|(Gatekeeper, Photo by Luca Sartoni from Vienna, via Wikimedia Commons)|
The traditionally Dutch Elsevier was playing a home game, but that didn’t save it from getting entangled in a series of difficult negotiations with the Dutch universities over the course of 2014 and 2015. The ministry of Education, Science and Culture, backing up ‘The Consortium’ negotiating on behalf of the Dutch universities, called for all research articles funded with public money to be made publicly available. The publishers were not having it. At the end of 2014 negotiations ended in what the chair of the The Consortium called ‘a stalemate’ and a boycott of Elsevier was looming.
The boycott threat was effective. Elsevier budged and at the close of 2015 The Consortium and Elsevier reached their ‘Gold deal’ for open access. But how golden is this deal? What is gained and at what cost?
But how golden is this open access deal? What is gained and at what cost?This was the question asked by Dutch librarian, and previous member of the negotiating team on behalf of The Consortium, Leo Waaijers. He filed a freedom of information request with the Dutch universities to open up their contracts to reveal the open access and financial paragraphs. The universities were willing to do so but Elsevier and Springer, the two major publishing houses, objected to publication with the appeals committee.
So much for the history.
This week the appeals committee held its sessions, hearing arguments from the universities and the publishers. That very day the contract of Elsevier was leaked to our website ScienceGuide. This article is about what is in this contract and how it might affect the rise of open access, both in The Netherlands and abroad.
In essence The Consortium and Elsevier came to an agreement to higher the price of subscription in return for a set number of open access publications.
An increase of 2,5% and 2.0% of the subscription fees in 2017 and 2018 respectively, grants the Dutch universities a yearly 600, 1200 and 1800 open access articles in 2016 through 2018. Starting from a combined fee (all institutes together) of € 11,697,147.38 per year in 2016 this means a net increase of € 836,638.45 to publish a maximum of 3600 articles with Elsevier.
The open access ‘pilot’ comes with major restrictions on who can publish where.A mere € 232.40 per open access article might seem like a fairly good price for an open access article, but there is more. The ‘pilot’ comes with major restrictions on who can publish where.
The first requirement is that the corresponding author, typically the first or last author on a paper, should be affiliated with a Dutch institute. A fair requirement perhaps, for this is a Dutch deal, but not very open minded for a multinational such as Elsevier. Also this restriction is anything but accommodating for researchers working in international partnerships.
The second devil is in the seemingly long list of details: the journal titles eligible for open access. Each consecutive year Elsevier adds another 133 titles to the list of journals in which the Dutch institute affiliates can publish their work open access, free of charge. This results in roughly 20% of Elseviers 2000+ journal titles eligible in 2018.
A closer inspection of the long list of eligible journals reveals obscure titles such as: Clinical Genitourinary Cancer, Internal Journal of Coal Geology and Ticks and Tick-borne diseases, and even German and Polish journals. Said journals have an h-index of 34, ‘unknown’ and 22 (for reference, Elsevier’s flagships Cell and The Lancet have 616 and 600 respectively). Also, a lot of the journals selected already publish some articles under open access rules, at a price of course.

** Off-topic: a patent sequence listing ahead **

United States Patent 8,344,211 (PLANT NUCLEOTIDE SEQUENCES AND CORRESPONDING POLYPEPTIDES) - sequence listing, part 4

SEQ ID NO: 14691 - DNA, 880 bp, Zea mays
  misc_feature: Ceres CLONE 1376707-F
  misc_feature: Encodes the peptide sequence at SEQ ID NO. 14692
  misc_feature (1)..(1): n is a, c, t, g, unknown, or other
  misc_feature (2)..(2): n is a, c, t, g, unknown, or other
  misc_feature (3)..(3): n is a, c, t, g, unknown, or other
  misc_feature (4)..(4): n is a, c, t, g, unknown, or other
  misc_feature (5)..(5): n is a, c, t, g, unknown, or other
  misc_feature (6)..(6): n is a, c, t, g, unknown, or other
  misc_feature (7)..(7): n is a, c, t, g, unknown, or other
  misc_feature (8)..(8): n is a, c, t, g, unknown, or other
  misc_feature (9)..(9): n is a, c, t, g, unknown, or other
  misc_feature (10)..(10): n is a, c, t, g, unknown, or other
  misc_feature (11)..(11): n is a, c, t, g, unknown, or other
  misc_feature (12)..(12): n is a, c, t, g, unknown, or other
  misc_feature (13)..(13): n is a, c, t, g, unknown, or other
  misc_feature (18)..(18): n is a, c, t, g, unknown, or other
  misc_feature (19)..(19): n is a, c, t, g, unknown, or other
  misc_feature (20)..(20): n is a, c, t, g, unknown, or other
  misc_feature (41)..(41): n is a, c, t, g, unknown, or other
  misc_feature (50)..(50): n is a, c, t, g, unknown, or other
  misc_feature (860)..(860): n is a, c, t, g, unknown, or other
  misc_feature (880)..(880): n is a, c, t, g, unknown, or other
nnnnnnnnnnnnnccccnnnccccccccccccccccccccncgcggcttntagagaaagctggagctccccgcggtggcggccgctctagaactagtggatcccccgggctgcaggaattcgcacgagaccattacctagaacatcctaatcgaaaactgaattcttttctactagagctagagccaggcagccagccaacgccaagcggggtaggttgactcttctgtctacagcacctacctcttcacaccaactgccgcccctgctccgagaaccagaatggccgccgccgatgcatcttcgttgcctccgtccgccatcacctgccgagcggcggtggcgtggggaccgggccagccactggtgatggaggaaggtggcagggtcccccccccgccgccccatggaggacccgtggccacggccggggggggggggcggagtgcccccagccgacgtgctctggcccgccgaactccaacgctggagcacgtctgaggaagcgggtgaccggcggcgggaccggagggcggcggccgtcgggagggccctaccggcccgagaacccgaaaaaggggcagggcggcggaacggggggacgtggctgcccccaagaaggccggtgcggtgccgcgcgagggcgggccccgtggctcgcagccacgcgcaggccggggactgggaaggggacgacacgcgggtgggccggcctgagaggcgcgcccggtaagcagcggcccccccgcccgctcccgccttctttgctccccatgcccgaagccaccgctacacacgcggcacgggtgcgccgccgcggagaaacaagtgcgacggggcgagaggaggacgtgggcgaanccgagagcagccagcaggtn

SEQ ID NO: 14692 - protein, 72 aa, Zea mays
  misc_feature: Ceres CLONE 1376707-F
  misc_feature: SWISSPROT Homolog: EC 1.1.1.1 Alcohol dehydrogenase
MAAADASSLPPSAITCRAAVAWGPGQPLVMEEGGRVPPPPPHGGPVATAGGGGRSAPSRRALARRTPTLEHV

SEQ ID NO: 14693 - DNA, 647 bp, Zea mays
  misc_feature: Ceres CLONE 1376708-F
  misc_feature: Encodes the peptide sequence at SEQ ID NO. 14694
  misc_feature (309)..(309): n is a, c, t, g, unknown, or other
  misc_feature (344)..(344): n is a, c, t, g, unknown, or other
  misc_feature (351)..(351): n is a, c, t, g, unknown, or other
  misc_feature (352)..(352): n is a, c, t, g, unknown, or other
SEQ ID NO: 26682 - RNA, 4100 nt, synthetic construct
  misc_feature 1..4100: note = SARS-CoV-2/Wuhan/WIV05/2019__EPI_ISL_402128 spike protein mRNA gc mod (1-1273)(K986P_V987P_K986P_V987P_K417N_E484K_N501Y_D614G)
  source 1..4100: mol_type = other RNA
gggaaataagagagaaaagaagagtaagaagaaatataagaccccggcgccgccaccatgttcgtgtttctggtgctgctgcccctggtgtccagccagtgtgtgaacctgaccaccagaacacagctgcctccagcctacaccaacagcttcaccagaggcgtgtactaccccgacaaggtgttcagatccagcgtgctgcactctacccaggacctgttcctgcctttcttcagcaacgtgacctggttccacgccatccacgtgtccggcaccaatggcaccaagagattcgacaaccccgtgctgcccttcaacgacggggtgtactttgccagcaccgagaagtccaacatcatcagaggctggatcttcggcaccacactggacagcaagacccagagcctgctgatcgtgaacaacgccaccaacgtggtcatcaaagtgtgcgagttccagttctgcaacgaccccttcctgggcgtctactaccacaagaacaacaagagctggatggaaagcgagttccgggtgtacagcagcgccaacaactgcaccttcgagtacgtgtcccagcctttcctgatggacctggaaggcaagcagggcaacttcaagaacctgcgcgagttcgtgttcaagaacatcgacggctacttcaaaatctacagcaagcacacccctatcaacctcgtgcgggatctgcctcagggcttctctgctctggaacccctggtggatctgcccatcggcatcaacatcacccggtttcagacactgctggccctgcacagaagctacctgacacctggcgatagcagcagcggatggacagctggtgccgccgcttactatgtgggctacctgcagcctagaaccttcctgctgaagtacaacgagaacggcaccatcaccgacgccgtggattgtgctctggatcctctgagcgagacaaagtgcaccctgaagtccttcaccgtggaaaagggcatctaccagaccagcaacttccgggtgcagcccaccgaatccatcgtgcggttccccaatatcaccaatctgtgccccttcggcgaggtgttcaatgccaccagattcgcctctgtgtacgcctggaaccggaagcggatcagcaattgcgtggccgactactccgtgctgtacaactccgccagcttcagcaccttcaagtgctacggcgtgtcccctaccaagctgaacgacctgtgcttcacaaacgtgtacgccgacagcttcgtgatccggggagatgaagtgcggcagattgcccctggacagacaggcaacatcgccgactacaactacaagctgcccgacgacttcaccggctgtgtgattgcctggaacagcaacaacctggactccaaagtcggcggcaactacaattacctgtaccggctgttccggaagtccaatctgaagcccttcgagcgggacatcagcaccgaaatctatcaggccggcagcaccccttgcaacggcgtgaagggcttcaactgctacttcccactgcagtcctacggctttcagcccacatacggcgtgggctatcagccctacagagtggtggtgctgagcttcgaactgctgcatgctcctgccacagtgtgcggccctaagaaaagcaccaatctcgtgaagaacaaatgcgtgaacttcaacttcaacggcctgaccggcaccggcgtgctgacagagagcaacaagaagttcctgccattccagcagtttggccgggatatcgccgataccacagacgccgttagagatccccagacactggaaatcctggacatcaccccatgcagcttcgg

A closer inspection of the long list of eligible journals reveals obscure titles such as: Clinical Genitourinary Cancer, Internal Journal of Coal Geology and Ticks and Tick-borne diseases.According to the website www.openaccess.nl a total of 382 open access articles were published with Elsevier under the ‘pilot’ deal in 2016, that is 64% of the maximum. The remaining 218 papers are carried to the next year but after the three year contract all remaining rights are waived.
And this brings us to the interpretation part. What is Elsevier up to and what is the future the publisher sees for open access?
If open access is to succeed it is no exaggeration to assume this would require a major, and international, shift in the culture of publishing. Some have therefore even argued that because of the nature of the publishing industry, the major houses can never be part of a solution. Their inherent interest is not the dissemination of information, it is profit. However, many researchers, for a myriad of reasons, still want their work to be published in high-impact journals and care deeply about their citation scores.
Elsevier knows this, and knows that for the time being it controls the keys to this gate. As with fossil fuels the parties controlling the resources will do everything in their power to draw every last drop of revenue from the old system before making the shift to a new system. This is essentially what Elsevier is doing with this so called ‘pilot’ for open access: giving in just enough to prevent any major alteration to the status quo.
As with fossil fuels the parties controlling the resources will do everything in their power to draw every last drop of revenue from the old system before making the shift to a new system.Right now the same uphill battle for open access is fought in many other countries such as Finland, Germany and in the European Union in general. The recent publication of the Dutch contracts might change the conversation there, making parties reconsider whether the way forward for open access is with Elsevier and its competitors at all. At least we now have a glimpse of what a major publisher like Elsevier is willing to concede — not much.
Autor: Sicco de Knecht